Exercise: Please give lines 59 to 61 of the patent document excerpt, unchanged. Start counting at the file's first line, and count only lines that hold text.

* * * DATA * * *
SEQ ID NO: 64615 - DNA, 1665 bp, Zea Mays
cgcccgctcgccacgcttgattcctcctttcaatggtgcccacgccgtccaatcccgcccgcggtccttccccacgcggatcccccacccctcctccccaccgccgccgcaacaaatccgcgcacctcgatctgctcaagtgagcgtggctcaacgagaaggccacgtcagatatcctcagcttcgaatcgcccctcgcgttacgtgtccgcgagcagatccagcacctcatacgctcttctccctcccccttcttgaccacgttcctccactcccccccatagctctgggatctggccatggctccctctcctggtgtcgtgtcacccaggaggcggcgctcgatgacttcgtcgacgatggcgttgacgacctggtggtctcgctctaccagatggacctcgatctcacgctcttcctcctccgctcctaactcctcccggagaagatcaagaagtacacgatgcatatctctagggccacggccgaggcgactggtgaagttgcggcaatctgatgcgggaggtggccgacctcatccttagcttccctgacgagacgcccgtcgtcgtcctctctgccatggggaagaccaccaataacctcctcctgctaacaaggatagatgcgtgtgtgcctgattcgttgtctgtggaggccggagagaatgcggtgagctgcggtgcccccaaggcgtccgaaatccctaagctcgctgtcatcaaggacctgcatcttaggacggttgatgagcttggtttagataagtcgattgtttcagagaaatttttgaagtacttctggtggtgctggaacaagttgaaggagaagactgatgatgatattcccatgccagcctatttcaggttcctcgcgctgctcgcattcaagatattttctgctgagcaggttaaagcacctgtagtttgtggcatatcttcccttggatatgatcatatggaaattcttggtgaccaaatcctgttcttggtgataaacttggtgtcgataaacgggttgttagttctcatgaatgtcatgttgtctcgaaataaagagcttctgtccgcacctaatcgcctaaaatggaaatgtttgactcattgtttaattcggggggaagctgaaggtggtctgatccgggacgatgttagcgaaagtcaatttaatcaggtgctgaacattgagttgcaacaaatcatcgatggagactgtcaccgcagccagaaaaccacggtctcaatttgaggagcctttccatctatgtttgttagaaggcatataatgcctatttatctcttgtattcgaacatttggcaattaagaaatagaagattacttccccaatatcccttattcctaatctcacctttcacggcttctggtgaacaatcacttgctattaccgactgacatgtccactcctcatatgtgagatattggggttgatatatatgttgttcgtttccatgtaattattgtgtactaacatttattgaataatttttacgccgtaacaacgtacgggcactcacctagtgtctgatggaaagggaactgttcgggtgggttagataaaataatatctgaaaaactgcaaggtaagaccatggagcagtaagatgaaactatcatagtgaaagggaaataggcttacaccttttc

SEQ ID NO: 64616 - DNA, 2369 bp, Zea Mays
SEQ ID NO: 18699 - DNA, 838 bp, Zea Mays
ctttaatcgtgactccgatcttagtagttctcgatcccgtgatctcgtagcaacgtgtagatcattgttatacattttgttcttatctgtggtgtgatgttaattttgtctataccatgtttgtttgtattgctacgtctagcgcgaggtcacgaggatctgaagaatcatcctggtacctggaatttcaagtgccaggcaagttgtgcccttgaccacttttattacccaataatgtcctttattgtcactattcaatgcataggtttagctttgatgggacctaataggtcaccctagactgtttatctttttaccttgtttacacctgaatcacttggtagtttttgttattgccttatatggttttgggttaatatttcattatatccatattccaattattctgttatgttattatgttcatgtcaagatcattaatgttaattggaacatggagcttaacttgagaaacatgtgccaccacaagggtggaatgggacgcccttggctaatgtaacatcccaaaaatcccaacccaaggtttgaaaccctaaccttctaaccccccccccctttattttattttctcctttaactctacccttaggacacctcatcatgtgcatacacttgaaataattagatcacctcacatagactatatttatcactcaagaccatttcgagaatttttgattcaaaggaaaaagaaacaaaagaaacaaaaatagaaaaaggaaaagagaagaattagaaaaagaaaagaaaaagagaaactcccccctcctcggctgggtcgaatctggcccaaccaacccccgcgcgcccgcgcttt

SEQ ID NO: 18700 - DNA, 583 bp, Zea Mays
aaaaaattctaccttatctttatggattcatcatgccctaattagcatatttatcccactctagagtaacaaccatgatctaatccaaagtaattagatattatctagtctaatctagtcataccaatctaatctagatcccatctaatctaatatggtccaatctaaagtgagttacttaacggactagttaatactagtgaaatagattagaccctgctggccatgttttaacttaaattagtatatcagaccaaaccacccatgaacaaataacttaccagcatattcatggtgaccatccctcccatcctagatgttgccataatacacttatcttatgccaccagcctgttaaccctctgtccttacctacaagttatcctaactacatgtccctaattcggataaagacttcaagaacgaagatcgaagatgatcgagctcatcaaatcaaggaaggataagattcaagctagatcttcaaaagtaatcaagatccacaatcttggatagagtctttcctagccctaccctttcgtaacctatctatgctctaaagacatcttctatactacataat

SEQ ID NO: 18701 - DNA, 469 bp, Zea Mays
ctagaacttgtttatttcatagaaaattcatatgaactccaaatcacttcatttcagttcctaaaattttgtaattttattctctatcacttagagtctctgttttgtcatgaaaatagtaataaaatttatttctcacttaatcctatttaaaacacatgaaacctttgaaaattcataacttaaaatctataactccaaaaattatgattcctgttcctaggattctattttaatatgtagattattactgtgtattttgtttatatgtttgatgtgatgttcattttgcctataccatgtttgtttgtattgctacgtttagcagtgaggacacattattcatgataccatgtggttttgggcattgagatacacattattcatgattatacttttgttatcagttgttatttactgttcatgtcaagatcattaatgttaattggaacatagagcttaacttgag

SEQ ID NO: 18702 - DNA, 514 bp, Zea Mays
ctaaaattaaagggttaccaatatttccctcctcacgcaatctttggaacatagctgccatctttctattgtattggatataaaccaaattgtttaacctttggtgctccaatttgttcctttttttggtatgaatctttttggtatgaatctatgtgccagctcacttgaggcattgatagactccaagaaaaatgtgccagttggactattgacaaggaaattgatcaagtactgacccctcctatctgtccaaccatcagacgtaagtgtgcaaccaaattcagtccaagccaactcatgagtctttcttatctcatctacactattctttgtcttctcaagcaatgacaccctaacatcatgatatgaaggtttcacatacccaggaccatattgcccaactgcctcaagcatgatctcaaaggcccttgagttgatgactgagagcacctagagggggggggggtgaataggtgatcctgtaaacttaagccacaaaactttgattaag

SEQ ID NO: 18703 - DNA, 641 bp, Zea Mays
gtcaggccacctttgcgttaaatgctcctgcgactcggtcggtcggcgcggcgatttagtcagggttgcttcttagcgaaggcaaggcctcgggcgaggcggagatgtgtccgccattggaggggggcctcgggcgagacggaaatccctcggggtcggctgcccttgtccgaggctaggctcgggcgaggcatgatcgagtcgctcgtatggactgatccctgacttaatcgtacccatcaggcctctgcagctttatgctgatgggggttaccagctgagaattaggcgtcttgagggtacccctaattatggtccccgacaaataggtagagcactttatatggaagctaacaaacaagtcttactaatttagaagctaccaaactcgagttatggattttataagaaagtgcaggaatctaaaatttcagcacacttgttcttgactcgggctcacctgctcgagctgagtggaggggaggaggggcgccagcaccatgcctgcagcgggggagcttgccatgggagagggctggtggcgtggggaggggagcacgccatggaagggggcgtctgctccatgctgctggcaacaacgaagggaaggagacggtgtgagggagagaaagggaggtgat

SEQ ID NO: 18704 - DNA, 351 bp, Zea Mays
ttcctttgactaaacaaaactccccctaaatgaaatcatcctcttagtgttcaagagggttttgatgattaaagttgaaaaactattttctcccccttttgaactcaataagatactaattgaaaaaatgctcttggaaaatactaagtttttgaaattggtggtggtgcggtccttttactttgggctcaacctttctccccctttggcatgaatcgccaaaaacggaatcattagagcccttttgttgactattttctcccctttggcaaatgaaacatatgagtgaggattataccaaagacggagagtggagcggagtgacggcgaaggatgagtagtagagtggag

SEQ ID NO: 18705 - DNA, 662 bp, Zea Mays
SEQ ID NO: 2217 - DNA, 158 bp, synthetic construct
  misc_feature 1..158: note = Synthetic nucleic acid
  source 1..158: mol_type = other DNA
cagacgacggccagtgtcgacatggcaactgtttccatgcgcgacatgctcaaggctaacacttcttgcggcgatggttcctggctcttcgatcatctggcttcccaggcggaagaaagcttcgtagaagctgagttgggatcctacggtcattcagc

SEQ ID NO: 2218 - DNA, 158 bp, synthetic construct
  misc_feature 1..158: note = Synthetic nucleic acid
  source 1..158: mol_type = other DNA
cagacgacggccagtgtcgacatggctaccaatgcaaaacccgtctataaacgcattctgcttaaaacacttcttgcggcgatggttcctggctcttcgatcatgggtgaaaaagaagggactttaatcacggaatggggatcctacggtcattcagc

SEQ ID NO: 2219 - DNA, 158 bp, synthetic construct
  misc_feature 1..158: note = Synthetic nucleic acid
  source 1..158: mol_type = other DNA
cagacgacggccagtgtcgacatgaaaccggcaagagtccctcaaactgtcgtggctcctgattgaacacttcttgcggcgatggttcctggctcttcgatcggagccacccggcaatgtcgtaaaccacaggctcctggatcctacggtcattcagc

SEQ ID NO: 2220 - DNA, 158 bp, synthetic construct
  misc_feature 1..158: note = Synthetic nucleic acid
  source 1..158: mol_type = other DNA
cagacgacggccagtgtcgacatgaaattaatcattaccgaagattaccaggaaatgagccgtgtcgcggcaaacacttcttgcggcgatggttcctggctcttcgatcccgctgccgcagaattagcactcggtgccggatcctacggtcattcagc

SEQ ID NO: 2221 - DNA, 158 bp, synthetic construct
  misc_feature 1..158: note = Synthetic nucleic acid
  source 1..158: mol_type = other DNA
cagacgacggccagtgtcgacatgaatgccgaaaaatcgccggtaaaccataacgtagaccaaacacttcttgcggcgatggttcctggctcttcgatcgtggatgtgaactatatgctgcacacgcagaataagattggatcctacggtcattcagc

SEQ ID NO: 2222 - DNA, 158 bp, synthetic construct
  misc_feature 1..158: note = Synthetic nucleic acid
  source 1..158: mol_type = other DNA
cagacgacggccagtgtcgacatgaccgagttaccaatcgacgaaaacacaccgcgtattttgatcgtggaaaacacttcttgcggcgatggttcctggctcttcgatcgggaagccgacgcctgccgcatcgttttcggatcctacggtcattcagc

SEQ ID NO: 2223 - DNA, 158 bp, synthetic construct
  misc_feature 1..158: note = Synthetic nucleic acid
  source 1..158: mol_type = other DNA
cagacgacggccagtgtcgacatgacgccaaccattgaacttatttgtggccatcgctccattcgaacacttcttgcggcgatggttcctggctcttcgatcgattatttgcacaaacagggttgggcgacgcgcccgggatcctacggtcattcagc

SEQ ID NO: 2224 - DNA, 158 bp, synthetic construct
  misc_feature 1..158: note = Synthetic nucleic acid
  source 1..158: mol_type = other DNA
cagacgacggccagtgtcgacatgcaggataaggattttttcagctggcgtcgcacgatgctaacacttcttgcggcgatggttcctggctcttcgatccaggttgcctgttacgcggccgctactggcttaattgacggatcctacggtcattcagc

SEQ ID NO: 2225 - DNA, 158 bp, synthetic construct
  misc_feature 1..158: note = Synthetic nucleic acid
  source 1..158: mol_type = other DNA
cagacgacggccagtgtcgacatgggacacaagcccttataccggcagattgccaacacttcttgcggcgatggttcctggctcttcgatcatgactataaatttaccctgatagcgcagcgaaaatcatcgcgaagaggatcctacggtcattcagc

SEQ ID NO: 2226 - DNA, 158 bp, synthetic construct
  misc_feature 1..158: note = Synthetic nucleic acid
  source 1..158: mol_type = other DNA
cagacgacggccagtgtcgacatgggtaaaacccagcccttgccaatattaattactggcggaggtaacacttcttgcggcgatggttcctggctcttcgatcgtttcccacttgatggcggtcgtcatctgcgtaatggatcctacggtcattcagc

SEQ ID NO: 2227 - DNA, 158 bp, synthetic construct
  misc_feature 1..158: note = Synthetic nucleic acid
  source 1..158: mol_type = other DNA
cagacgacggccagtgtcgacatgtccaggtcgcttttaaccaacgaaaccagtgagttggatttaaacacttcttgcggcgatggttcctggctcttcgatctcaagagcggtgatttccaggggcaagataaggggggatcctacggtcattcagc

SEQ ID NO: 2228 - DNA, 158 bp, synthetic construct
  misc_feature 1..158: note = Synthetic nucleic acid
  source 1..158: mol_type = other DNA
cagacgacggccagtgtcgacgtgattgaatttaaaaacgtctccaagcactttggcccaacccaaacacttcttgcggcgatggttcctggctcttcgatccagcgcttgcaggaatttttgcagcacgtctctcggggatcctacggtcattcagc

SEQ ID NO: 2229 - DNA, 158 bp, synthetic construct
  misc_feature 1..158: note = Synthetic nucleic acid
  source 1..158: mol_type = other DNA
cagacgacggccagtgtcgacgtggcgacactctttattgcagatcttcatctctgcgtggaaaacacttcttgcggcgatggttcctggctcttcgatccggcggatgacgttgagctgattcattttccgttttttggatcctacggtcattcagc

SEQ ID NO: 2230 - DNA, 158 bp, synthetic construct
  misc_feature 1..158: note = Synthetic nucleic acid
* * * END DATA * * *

  source 1..158: mol_type = other DNA
cagacgacggccagtgtcgacatgtccaggtcgcttttaaccaacgaaaccagtgagttggatttaaacacttcttgcggcgatggttcctggctcttcgatctcaagagcggtgatttccaggggcaagataaggggggatcctacggtcattcagc

SEQ ID NO: 2228 - DNA, 158 bp, synthetic construct